River Cities Gazette

Local Miami Springs robotics club enjoys success

 
 
ROBOTICS SUCCESS: In the back, Rob Gordon, team coach surrounds his team members, left to right, Sebastian Scavuzzo, Team Strategist; Sydney Gordon, Team Engineer and 5th grader at Springview Elementary and Joao Staples, Team Technical Coordinator.
ROBOTICS SUCCESS: In the back, Rob Gordon, team coach surrounds his team members, left to right, Sebastian Scavuzzo, Team Strategist; Sydney Gordon, Team Engineer and 5th grader at Springview Elementary and Joao Staples, Team Technical Coordinator.
Gazette Photo

River Cities Gazette

River City Robotics, a Miami Springs community robotics and tinkering club, competed against 18 different robotics teams from all over Miami-Dade and Broward County in the First Lego League (FLL) Carrollton competition. Competing under the name MiamiBots, Sydney Gordon, Sebastian Scavuzzo and Joao Staples came home with a win.

The young programmers won the Core Values Trophy at the event, which took place at the prestigious Carrollton School in Coconut Grove on Saturday, Jan. 11. MiamiBots programmed and ran their unique robot against robotics powerhouses like Ransom Everglades, McNicol Middle and Gulliver. 

The group held their own and endured grueling question-and-answer sessions covering the technical design of their robot, working as a team and the details of how they might address the impact of a category 5 hurricane in South Florida.

Their big win makes this an exciting time considering this is the River City Robotics’ very first competition. No one could be prouder of their accomplishments than Miami Springs resident Robert Gordon. 

Gordon founded the River City Robotics Club at the urging of his two children — Sydney, 10, and Wesley, 7 — who enjoy designing and inventing. The club covers all aspects of robots, electronics and programming. They use space provided by Crossbridge Church on Westward Drive. The age of club members range from elementary through high school. 

“You don’t have to be an electronics geek to participate,” said Robert Gordon.  He hopes that the club will attract all types who want to build things for themselves.

“Sydney and Wesley are always inventing and designing things. I wanted to provide an outlet for them, for their peers, and interested parents to foster that creativity,” said Gordon. “Young people are heavy users of technology as it becomes more and more mainstream. The challenge to us all is to become familiar with the foundations of the technology that we take for granted.”

River City Robotics was formed in May of 2013. Their three main objectives are to increase access to STEM (Science, Technology, Engineering and Mathematics) activities and education for the River Cities communities; to encourage creative thinking and hands-on learning for the area’s youth; and to allow parents the opportunity to bond with their kids over common interests and activities.

Cost can be an obstacle for robotic endeavors, so naturally the most powerful clubs in the county can be found at the private schools or in public schools located in the wealthier parts of Miami. River City Robotics is the first club of its kind to be located in the River Cities area.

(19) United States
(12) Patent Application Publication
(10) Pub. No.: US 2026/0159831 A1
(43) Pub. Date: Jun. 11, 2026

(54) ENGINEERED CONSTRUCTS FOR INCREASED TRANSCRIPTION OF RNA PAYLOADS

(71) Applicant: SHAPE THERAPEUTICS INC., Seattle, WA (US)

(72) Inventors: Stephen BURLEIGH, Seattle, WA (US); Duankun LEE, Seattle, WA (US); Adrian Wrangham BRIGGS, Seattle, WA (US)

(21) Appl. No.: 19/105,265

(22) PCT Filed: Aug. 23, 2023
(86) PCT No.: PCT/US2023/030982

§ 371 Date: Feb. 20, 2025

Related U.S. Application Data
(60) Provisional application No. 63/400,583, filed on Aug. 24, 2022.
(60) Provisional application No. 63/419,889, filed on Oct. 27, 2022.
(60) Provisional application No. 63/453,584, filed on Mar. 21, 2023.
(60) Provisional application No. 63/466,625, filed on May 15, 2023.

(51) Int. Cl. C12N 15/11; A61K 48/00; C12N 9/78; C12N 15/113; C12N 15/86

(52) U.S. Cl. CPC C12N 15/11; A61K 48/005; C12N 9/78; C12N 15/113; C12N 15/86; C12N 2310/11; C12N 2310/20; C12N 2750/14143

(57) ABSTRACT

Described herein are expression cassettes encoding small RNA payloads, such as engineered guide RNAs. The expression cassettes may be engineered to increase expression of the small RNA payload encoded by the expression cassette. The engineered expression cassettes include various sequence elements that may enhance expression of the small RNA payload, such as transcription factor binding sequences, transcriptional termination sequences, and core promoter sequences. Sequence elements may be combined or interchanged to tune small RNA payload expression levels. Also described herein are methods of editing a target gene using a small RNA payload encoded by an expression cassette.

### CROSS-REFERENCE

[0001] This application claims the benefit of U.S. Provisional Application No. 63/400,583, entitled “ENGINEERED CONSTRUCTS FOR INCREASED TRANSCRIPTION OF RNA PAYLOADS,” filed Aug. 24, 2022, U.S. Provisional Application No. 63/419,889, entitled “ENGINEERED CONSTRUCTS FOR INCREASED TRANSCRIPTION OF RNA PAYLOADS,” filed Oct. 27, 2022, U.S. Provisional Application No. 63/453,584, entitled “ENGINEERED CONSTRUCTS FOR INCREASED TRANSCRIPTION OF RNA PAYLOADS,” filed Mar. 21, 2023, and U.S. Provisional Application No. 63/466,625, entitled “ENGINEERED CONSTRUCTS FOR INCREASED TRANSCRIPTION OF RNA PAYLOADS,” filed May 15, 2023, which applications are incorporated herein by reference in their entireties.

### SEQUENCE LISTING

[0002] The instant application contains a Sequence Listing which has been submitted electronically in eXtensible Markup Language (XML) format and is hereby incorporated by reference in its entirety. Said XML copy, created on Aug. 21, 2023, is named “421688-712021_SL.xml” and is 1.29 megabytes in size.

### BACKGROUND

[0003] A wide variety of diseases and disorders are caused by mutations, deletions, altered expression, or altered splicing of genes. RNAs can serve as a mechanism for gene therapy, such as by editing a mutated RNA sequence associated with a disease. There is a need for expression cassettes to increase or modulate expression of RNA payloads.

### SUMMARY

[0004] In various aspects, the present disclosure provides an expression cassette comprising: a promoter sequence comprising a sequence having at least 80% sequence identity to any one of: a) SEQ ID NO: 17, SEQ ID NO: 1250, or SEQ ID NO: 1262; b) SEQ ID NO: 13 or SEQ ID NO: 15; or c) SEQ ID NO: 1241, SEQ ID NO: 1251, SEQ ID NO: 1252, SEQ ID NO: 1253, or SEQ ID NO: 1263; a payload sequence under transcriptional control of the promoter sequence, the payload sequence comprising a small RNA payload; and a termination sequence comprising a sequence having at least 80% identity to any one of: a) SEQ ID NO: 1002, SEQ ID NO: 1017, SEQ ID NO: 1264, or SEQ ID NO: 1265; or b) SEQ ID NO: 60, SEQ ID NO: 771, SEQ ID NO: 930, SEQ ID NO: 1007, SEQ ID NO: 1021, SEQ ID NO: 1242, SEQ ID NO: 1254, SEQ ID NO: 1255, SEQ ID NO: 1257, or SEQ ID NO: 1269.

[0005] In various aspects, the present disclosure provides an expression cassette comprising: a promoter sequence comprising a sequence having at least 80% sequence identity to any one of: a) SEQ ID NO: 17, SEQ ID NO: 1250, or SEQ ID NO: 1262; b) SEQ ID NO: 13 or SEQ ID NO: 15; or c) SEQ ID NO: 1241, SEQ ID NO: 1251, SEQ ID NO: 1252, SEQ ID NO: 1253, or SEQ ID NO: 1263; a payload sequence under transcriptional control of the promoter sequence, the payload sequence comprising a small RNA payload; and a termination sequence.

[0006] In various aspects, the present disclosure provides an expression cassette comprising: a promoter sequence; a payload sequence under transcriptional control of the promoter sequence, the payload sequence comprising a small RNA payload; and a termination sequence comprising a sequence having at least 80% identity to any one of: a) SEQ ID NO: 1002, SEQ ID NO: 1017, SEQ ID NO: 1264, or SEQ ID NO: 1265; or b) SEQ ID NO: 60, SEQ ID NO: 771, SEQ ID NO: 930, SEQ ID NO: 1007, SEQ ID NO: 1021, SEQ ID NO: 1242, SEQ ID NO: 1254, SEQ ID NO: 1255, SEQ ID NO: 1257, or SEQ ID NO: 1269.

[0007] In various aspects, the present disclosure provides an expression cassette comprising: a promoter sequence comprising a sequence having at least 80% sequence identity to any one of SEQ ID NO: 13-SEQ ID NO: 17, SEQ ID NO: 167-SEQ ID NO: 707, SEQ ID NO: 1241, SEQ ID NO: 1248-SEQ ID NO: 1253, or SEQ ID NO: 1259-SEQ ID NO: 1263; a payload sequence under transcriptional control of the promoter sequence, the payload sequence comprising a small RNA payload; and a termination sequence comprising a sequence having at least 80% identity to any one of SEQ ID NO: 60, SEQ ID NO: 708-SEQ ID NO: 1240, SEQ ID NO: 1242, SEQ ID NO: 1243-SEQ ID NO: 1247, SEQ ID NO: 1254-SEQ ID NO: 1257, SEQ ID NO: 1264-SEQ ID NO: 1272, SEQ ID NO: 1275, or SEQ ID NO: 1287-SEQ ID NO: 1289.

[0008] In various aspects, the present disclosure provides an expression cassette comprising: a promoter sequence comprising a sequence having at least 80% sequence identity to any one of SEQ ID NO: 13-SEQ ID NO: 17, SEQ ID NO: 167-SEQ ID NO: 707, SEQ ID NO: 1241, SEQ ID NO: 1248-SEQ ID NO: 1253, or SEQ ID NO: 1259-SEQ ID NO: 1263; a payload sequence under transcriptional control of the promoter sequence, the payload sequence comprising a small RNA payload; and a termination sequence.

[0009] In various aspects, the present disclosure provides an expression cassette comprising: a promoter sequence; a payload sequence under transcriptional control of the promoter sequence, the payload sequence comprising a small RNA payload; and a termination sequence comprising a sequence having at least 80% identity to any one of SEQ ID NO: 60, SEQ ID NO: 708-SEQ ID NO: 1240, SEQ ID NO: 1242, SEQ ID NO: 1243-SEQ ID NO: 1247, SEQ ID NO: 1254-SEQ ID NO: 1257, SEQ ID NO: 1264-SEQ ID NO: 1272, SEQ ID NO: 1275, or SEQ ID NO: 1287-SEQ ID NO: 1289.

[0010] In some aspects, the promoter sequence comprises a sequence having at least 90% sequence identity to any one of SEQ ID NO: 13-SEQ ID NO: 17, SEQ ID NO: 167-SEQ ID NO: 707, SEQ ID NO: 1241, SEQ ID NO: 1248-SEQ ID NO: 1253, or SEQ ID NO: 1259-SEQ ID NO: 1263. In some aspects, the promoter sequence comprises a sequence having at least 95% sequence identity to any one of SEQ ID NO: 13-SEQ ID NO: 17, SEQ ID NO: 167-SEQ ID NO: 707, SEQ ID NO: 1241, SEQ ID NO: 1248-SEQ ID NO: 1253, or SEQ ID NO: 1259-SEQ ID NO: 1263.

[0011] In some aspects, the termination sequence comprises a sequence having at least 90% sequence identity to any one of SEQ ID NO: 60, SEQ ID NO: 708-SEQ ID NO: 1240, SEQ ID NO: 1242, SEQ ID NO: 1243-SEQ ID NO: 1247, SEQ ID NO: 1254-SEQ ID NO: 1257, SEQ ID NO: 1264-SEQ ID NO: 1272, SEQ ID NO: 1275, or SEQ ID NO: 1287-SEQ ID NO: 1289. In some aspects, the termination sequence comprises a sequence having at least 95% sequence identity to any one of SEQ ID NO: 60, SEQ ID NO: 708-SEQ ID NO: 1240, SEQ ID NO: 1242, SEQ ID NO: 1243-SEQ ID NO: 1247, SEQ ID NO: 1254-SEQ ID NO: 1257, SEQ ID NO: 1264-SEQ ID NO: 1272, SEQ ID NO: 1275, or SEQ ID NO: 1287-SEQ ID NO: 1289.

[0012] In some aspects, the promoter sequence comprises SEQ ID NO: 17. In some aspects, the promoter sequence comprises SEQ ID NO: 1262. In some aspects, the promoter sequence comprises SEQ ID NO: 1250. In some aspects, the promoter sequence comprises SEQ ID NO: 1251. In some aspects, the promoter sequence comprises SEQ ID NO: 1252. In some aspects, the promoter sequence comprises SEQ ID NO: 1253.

“My hope is that as a community-based club, we can steer clear of the budgetary haggling that annually takes place within MDCPS to provide access to this knowledge on a year-round basis not tied to the budgetary cycles. We hope to attract young people from private, public and charter schools and provide a base of students with experience in tinkering and robotics who will contribute to clubs and groups elsewhere,” said Gordon.

“In every group of 100 people regardless of socioeconomic status, there are a few Einsteins. The ultimate goal is to allow everyone to express themselves in a creative way and garner the satisfaction that comes from self-expression.”

The competitions are as much about the robot as they are about working together as a team, learning and growing and leadership. The robot that was used in the competition was a composite of the design of all of the kids in the club. Diago Scarrone built a working grappler hand, Sydney Gordon worked on the idea of the tank drive belt, and Sebastian Scavuzzo developed strategies for tackling obstacles and led program development. 

“Seeing the other teams in action made this real for us and seeing the excitement around robotics by parents and students like us made it fun,” said Scavuzzo.

“Our city’s robotics club has provided an outlet for Sebastian’s interest in technology,” said Sebastian’s mother, Maylin Scavuzzo.

“Why can’t we host a local competition in Miami Springs?” said Gordon’s daughter, Sydney. With a few more nudges from the kids and whole lot of support from the parents and the community, Sydney may very well see that request come to fruition.

For now, the next competition the club hopes to attend will be the Miami Robotics Symposium in April.

If you’d like to learn more about the club, you can visit www.rivercityrobotics.com or contact them at miamibots@gmail.com.

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